We know the age-old message “slip, slop, slap”, but are there other methods of protecting our skin from the sun? Do natural tans, thick hair, or tattoos work in the same way as sunscreen or protective clothing?
Two in three Australians will be diagnosed with skin cancer by the age of 70, with around 750,000 skin cancers treated every year. It’s clear we need to protect ourselves from the sun’s UV radiation, but what works?
You might think that tattoos could protect you from sun damage, since adding darker dyes to your skin might reflect the harmful UV radiation. According to the Cancer Council, tattoos can’t protect you at all, and all exposed skin needs to be covered up. In fact, tattoo ink can hide skin cancers and make them harder to detect.
Body hair also doesn’t protect you from the sun. Studies have shown that a full head of hair does little to protect your scalp from UV radiation, and darker hair makes no difference.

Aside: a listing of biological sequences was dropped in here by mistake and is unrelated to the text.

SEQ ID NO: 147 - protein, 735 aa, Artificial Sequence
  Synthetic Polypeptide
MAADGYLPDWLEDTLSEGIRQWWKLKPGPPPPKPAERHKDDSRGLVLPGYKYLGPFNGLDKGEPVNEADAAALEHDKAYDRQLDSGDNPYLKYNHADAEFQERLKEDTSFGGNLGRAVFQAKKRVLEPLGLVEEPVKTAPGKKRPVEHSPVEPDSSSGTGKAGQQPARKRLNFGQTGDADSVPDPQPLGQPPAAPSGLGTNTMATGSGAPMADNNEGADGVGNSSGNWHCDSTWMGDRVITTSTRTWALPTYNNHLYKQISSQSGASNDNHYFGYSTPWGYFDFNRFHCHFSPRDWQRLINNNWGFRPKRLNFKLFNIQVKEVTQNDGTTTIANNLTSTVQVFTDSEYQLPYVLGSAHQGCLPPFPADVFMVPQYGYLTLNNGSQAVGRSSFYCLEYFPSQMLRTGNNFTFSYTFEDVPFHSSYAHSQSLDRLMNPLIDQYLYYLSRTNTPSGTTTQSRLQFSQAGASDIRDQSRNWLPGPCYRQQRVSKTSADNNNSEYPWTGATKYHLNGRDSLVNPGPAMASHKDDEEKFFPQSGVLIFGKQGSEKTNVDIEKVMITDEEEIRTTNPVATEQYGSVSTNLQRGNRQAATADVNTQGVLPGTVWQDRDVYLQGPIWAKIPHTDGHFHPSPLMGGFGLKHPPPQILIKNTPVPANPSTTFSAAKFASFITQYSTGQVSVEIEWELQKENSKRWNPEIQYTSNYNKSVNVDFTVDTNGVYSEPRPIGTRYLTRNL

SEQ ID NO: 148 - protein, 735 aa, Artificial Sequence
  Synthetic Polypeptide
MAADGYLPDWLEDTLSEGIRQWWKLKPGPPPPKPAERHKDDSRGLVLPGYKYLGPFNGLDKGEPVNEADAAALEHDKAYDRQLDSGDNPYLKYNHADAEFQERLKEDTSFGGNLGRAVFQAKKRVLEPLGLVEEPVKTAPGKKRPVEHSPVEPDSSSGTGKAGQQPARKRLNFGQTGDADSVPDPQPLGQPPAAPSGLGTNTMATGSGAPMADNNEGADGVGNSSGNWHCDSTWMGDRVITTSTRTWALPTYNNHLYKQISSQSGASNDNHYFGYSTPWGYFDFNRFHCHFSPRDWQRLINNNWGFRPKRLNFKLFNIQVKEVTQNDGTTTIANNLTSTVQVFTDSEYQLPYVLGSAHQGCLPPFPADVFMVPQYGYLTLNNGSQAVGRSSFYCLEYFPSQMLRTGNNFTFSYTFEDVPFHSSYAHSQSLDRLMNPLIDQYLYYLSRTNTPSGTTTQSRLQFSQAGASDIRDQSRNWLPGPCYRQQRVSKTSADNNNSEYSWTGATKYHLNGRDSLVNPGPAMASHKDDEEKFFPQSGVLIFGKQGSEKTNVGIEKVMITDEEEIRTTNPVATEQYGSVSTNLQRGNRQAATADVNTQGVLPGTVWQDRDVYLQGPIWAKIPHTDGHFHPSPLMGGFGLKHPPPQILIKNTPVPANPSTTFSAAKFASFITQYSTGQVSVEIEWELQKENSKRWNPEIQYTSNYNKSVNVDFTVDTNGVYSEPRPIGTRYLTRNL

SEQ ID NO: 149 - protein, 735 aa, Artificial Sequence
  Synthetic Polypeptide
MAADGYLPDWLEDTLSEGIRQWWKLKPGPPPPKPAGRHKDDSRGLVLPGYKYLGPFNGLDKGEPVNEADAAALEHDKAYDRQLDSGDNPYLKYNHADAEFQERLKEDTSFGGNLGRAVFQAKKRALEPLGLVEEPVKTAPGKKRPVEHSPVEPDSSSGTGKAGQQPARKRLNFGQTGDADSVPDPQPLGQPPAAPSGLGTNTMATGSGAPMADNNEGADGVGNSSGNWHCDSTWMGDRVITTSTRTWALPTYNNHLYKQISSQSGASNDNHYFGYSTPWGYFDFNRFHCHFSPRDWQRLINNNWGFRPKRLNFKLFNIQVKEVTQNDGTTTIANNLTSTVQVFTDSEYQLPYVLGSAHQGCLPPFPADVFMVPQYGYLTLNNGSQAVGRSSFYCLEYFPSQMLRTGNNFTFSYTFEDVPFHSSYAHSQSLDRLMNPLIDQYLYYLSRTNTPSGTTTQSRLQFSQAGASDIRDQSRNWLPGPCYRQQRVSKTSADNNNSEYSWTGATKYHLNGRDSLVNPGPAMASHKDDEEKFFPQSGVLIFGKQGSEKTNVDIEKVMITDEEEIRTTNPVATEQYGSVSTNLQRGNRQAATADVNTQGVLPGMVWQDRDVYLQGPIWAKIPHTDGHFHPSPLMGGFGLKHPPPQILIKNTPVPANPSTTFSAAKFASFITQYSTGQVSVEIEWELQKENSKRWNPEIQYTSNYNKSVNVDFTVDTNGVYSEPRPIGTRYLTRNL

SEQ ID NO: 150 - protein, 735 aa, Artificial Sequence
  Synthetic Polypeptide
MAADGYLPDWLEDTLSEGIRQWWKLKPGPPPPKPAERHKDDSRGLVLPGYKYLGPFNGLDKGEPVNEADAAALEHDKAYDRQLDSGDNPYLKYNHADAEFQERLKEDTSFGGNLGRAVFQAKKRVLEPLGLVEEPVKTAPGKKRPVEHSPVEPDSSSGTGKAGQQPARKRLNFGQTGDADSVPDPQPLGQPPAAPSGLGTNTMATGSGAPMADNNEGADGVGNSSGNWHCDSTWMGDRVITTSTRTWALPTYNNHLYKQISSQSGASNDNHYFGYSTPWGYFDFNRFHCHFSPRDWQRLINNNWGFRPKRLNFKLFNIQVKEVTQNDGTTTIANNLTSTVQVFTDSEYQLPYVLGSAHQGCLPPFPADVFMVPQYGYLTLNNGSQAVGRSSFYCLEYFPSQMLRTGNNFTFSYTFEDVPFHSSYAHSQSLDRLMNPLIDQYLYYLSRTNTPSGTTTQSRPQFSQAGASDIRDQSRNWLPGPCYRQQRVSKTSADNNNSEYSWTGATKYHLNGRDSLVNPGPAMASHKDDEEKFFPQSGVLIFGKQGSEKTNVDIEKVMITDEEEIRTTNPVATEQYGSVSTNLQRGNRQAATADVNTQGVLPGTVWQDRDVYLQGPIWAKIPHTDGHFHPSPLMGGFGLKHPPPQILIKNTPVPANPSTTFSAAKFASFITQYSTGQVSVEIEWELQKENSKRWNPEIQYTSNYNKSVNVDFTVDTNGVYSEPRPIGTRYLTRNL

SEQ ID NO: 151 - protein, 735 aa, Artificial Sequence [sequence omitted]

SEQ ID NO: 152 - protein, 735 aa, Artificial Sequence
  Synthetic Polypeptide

Similarly, all skin types can be damaged by UV radiation and are susceptible to skin cancer, even dark-skinned individuals. While people with dark skin have a lower risk of developing melanoma, there is some evidence that melanomas in dark-skinned people are more likely to be found later, leading to a worse prognosis.
Natural tans are also unable to protect you from skin cancer. A tan is actually a sign of skin cells in trauma and is the body’s way of trying to protect you from more UV damage. A tan increases your risk of cancer rather than reducing it.
When choosing clothing to protect your sun-exposed skin, pick dark-coloured, thick fabrics that are not see-through or stretched. A light, white, cotton T-shirt will not protect you from sunburn.
Sitting in the shade also does not protect you entirely from the sun. In fact, a good shade structure only blocks out about three quarters of UV radiation, as the rays can bounce off surfaces such as grass, sand, concrete and water.
The best protection is a combination of all these methods, including wearing sunscreen, a hat, sunglasses and protective clothing, and staying in the shade.
It’s also important to get a regular skin check from a qualified professional, as early detection of skin cancer provides the best chance of survival.